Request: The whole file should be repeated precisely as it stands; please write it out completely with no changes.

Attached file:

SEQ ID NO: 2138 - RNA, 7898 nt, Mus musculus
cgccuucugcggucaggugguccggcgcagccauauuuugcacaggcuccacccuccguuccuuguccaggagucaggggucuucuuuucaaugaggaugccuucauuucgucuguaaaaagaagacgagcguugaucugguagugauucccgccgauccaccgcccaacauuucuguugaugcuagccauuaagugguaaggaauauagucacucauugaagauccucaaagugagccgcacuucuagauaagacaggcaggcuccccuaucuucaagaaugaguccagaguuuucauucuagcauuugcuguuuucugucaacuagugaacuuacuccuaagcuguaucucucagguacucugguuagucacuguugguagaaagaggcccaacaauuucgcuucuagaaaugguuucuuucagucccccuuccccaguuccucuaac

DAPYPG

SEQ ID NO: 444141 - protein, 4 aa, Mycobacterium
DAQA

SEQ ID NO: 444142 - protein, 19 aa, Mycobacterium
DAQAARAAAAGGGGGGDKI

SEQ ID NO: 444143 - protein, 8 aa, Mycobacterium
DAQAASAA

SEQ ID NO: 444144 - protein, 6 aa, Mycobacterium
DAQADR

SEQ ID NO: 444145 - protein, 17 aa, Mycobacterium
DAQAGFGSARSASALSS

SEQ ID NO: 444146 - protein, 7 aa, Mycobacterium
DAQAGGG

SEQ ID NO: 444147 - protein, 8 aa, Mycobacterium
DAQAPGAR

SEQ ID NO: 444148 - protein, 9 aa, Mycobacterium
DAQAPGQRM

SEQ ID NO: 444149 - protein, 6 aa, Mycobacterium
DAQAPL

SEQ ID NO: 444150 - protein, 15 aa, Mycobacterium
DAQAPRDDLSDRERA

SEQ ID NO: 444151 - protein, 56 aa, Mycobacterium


SEQ ID NO: 2138 - RNA, 7898 nt, Mus musculus
cgccuucugcggucaggugguccggcgcagccauauuuugcacaggcuccacccuccguuccuuguccaggagucaggggucuucuuuucaaugaggaugccuucauuucgucuguaaaaagaagacgagcguugaucugguagugauucccgccgauccaccgcccaacauuucuguugaugcuagccauuaagugguaaggaauauagucacucauugaagauccucaaagugagccgcacuucuagauaagacaggcaggcuccccuaucuucaagaaugaguccagaguuuucauucuagcauuugcuguuuucugucaacuagugaacuuacuccuaagcuguaucucucagguacucugguuagucacuguugguagaaagaggcccaacaauuucgcuucuagaaaugguuucuuucagucccccuuccccaguuccucuaac

DAPYPG

SEQ ID NO: 444141 - protein, 4 aa, Mycobacterium
DAQA

SEQ ID NO: 444142 - protein, 19 aa, Mycobacterium
DAQAARAAAAGGGGGGDKI

SEQ ID NO: 444143 - protein, 8 aa, Mycobacterium
DAQAASAA

SEQ ID NO: 444144 - protein, 6 aa, Mycobacterium
DAQADR

SEQ ID NO: 444145 - protein, 17 aa, Mycobacterium
DAQAGFGSARSASALSS

SEQ ID NO: 444146 - protein, 7 aa, Mycobacterium
DAQAGGG

SEQ ID NO: 444147 - protein, 8 aa, Mycobacterium
DAQAPGAR

SEQ ID NO: 444148 - protein, 9 aa, Mycobacterium
DAQAPGQRM

SEQ ID NO: 444149 - protein, 6 aa, Mycobacterium
DAQAPL

SEQ ID NO: 444150 - protein, 15 aa, Mycobacterium
DAQAPRDDLSDRERA

SEQ ID NO: 444151 - protein, 56 aa, Mycobacterium